The Sad, Strange End to Half-Life


#1

Half-Life writer Marc Laidlaw released the "unofficial" outline of 'Half-Life 2: Episode 3.'


This is a companion discussion topic for the original entry at https://waypoint.vice.com/en_us/article/zmmg5j/the-sad-strange-end-to-half-life

#2

I really enjoyed reading this. In particular, the writer touched on something that’s always kind of bugged me about the notion of canon and how it’s usually treated in (for lack of a better phrase) ‘nerd culture’:

All our furious hermeneutics depended on the notion of canon, which is central to nerd culture. Debating … had no meaning unless we presumed the existence of a coherent, definitive story of Half-Life, existing perhaps in a platonic realm of pure fiction.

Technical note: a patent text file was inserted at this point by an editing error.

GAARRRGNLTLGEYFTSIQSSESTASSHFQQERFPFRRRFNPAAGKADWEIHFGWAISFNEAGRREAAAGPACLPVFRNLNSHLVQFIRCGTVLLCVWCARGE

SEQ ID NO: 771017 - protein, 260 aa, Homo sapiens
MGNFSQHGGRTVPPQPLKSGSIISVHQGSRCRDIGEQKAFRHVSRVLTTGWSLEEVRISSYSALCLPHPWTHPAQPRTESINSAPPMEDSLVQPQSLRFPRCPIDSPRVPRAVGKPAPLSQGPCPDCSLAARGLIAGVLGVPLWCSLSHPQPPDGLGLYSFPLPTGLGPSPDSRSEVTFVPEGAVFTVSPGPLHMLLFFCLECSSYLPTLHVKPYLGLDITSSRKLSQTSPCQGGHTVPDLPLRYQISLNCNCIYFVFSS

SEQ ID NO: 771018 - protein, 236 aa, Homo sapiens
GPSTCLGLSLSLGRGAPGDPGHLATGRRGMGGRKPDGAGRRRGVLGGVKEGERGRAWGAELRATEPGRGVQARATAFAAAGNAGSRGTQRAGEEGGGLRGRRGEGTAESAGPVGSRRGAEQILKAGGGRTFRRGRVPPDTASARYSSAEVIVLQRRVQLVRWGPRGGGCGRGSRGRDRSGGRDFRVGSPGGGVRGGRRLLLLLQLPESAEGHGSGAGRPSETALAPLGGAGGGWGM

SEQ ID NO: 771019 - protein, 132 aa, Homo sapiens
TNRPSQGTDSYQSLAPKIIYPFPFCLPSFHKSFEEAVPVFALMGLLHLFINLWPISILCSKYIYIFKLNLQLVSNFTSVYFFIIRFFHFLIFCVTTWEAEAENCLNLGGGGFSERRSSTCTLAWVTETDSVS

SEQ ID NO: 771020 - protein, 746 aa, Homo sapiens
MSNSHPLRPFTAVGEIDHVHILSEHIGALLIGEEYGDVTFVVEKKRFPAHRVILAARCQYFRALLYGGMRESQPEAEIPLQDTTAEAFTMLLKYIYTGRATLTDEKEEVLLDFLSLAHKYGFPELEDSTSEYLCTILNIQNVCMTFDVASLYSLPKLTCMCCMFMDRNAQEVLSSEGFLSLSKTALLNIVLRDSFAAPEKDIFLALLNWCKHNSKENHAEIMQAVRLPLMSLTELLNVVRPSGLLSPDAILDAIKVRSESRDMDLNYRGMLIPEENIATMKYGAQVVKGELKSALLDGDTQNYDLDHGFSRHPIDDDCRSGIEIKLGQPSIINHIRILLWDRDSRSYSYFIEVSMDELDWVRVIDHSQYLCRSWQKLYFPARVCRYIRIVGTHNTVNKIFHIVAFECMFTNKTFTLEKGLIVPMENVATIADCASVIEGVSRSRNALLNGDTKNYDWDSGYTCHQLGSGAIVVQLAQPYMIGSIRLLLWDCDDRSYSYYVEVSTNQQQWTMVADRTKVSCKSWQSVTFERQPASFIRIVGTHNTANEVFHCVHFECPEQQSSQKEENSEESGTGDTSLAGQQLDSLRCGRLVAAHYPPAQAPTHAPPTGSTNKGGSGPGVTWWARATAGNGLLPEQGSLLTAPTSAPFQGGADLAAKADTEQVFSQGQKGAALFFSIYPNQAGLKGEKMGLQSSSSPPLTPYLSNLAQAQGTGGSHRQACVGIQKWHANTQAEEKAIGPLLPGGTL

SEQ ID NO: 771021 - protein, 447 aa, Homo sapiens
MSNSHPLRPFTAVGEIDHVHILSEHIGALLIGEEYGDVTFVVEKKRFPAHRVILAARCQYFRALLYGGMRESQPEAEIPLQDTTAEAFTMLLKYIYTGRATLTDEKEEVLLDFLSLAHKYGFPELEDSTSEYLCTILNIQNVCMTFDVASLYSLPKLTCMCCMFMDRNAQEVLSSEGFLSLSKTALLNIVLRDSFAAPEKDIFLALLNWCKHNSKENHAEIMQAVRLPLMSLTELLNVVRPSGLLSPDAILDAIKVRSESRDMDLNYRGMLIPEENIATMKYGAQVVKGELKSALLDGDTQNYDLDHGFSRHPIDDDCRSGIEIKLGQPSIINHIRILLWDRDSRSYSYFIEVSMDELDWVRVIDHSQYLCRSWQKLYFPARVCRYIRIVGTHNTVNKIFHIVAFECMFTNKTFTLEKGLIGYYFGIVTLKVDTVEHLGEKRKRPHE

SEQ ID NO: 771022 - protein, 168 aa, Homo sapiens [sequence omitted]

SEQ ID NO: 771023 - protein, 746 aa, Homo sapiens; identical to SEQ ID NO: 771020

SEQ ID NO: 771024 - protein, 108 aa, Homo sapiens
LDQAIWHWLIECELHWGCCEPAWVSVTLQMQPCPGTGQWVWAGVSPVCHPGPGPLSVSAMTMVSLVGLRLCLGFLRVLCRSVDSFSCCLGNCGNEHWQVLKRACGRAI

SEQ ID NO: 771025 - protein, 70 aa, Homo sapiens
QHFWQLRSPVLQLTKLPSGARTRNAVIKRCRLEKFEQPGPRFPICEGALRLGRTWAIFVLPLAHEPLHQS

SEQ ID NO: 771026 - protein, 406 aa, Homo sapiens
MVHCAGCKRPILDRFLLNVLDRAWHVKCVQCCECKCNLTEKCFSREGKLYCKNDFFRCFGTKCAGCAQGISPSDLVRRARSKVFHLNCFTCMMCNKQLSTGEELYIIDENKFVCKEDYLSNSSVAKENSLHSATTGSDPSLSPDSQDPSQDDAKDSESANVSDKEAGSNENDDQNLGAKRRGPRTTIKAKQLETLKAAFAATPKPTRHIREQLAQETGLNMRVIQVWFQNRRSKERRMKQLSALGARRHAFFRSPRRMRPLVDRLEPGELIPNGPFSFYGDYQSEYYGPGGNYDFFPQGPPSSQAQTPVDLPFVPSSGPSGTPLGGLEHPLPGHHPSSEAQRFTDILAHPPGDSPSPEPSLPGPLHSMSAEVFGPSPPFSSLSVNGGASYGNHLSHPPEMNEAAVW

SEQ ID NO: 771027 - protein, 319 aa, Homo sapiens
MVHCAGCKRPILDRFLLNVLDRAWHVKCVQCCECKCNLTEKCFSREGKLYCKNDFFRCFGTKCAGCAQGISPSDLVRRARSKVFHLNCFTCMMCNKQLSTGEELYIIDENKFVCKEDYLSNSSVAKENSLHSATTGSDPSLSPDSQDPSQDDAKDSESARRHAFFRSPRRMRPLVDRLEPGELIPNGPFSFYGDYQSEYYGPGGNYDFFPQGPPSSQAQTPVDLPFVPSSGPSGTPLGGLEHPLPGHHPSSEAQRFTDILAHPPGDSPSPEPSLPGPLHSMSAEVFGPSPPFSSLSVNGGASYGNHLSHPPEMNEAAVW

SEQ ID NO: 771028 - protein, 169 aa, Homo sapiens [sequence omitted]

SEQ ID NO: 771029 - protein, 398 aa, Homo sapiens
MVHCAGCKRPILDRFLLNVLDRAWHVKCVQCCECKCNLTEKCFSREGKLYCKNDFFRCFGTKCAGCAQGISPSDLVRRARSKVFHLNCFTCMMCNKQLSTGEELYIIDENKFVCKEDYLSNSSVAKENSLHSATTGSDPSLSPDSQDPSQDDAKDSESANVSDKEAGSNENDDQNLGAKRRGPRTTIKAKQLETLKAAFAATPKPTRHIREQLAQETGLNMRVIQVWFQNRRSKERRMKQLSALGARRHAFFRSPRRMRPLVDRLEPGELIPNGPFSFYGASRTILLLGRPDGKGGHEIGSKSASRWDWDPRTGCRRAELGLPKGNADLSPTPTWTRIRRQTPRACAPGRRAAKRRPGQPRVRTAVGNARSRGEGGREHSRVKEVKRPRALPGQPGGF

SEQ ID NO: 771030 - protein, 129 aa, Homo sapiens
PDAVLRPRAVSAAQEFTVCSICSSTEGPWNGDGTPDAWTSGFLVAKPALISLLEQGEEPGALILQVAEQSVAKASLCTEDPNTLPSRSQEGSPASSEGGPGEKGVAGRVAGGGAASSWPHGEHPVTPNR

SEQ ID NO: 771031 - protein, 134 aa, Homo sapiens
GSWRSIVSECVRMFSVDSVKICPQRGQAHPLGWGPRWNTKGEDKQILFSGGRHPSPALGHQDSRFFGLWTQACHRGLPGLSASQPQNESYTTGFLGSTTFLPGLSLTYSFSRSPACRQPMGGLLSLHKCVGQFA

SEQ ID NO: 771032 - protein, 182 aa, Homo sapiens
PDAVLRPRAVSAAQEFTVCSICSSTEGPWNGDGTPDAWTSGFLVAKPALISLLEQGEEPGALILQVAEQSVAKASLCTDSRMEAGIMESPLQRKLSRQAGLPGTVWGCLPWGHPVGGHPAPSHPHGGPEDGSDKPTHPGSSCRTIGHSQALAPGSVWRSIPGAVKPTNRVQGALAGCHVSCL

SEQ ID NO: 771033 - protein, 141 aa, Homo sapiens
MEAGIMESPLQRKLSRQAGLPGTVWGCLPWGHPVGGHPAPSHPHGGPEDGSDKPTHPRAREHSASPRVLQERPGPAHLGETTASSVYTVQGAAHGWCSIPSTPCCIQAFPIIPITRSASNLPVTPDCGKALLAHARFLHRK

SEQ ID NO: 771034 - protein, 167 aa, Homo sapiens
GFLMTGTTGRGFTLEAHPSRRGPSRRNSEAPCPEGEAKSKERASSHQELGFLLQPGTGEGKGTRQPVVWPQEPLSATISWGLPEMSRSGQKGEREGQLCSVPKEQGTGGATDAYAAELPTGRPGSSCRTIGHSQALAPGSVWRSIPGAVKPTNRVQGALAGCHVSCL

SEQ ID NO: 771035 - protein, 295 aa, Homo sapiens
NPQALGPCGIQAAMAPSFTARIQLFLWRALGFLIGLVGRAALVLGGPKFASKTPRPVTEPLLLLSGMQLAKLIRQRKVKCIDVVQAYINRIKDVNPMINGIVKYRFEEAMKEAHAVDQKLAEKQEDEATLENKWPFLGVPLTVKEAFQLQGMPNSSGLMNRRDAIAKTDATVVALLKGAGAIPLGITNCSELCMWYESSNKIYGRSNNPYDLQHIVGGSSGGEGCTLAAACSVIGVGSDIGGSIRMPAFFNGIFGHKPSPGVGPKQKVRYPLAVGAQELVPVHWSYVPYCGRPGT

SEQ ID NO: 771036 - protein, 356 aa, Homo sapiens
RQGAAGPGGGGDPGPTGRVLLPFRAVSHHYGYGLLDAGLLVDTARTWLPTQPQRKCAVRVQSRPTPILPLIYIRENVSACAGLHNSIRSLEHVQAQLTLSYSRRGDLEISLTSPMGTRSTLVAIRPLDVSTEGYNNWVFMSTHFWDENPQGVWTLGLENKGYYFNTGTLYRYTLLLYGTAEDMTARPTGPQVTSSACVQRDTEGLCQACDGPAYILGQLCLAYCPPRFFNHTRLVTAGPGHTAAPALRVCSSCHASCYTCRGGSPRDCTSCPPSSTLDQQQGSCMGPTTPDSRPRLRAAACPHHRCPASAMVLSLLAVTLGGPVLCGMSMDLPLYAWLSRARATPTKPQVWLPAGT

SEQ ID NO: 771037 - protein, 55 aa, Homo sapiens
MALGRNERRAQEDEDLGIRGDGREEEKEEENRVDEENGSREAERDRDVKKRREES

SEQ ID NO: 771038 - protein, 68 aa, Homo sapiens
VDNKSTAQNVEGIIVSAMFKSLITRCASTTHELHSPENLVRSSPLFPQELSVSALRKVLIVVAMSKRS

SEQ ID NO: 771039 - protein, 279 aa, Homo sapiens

(emphais mine)

I have a weird and conflicting relationship with this kind of analysis; on the one hand, I’m very easily caught up in it and I can attest I have lost hours digging through discussions and wikis on Half-Life minutiae (and the connections to Portal). But when it comes to thinking the piece of media itself, this kind of canon discussion is actively distracting I think.

Another recent example for me is Twin Peaks. If I’m honest with myself, I absolutely will read a discussion of what the black lodge is, or what the connection is between BOB and the experiment or a million other questions, but these kind of discussions seem to dominate the discourse over discussing Twin Peaks as a piece of culture as opposed to a consistent universe with lore.

But then again, maybe this is a case of me feeling insecure in the media I like and falling back on intellectualising, or else just being snooty or snobbish about what other people enjoy doing. Hell, I enjoy doing it. Either way, I liked how John Brindle phrased this.